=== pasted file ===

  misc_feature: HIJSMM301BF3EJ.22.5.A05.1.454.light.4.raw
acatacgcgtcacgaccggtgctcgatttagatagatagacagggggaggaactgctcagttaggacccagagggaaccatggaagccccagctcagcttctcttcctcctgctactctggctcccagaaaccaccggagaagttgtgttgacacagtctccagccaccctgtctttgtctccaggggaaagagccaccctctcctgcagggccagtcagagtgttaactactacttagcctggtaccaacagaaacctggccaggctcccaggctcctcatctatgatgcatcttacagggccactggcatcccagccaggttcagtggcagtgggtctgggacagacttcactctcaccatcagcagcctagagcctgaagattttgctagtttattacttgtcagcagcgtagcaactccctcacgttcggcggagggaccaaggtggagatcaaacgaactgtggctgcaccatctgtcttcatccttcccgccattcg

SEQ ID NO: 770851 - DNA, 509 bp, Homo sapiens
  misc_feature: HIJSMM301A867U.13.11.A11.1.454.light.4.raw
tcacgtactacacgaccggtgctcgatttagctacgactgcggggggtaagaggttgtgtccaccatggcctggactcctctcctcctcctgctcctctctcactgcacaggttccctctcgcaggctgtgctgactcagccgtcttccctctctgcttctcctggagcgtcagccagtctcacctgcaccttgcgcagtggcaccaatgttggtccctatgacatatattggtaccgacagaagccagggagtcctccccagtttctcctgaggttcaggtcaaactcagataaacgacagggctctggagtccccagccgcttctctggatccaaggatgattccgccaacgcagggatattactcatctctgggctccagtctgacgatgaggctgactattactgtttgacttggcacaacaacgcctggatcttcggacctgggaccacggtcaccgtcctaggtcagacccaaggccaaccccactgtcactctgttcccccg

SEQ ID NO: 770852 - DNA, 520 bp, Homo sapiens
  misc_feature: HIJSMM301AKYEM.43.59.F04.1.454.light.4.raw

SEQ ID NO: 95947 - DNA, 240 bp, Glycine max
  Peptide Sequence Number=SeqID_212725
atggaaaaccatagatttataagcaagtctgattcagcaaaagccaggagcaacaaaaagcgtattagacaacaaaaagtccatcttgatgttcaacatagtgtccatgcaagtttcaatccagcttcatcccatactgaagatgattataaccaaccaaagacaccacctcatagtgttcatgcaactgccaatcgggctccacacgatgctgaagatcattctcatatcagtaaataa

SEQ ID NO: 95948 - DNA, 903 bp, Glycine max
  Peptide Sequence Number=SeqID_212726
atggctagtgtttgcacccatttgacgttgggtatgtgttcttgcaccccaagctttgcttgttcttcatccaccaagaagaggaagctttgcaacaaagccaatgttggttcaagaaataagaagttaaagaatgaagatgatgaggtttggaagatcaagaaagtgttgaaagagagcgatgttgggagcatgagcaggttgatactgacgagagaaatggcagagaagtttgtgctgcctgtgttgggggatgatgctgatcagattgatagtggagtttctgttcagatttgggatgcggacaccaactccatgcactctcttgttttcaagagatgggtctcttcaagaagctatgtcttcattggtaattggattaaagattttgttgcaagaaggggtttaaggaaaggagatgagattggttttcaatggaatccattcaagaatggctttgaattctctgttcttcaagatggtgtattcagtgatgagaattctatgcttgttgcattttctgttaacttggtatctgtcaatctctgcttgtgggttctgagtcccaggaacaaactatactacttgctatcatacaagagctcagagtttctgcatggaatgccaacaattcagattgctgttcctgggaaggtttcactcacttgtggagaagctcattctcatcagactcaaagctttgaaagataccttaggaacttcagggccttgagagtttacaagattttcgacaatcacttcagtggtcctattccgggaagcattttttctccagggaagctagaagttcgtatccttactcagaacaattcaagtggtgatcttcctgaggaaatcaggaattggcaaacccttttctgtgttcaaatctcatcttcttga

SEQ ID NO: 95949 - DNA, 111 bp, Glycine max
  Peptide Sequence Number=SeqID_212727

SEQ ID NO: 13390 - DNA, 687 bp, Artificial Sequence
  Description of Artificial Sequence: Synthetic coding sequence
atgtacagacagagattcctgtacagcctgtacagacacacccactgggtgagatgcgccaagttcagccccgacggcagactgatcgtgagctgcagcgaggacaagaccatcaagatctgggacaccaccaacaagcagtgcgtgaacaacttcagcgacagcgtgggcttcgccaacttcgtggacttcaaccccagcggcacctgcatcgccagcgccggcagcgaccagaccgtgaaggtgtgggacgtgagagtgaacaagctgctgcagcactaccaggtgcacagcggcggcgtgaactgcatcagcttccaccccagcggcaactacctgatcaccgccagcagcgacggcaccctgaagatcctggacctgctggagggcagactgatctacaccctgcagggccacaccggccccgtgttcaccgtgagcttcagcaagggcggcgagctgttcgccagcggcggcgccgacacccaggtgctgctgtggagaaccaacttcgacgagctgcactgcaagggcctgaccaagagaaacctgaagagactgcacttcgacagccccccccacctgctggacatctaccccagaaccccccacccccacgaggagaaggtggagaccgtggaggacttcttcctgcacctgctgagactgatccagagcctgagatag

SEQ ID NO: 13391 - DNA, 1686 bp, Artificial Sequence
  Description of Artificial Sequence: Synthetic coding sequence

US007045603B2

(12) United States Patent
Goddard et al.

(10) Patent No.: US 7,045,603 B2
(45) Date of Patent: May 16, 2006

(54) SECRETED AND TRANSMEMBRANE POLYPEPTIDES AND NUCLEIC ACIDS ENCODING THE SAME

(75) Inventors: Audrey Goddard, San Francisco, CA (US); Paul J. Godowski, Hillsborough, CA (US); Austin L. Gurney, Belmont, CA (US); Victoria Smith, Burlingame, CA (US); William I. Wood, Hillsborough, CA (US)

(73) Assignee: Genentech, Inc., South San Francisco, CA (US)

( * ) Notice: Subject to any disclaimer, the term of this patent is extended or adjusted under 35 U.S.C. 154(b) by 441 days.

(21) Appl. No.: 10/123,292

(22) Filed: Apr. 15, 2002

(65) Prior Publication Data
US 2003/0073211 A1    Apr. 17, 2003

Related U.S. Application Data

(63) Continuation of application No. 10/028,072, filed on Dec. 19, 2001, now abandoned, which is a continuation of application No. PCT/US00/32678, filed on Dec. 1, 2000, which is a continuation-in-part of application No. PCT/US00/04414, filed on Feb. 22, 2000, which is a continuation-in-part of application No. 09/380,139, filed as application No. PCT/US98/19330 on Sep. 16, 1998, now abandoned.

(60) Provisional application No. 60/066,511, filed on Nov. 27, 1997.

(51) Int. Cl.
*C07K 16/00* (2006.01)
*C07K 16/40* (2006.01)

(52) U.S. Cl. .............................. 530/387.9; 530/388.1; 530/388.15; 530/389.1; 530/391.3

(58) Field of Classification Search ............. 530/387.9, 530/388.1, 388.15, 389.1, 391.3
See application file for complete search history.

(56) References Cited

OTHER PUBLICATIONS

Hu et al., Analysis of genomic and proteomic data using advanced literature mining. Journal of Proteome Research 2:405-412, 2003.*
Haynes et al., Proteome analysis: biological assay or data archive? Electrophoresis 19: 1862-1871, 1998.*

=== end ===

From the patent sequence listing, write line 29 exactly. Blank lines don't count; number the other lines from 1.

( * ) Notice: Subject to any disclaimer, the term of this patent is extended or adjusted under 35 U.S.C. 154(b) by 441 days.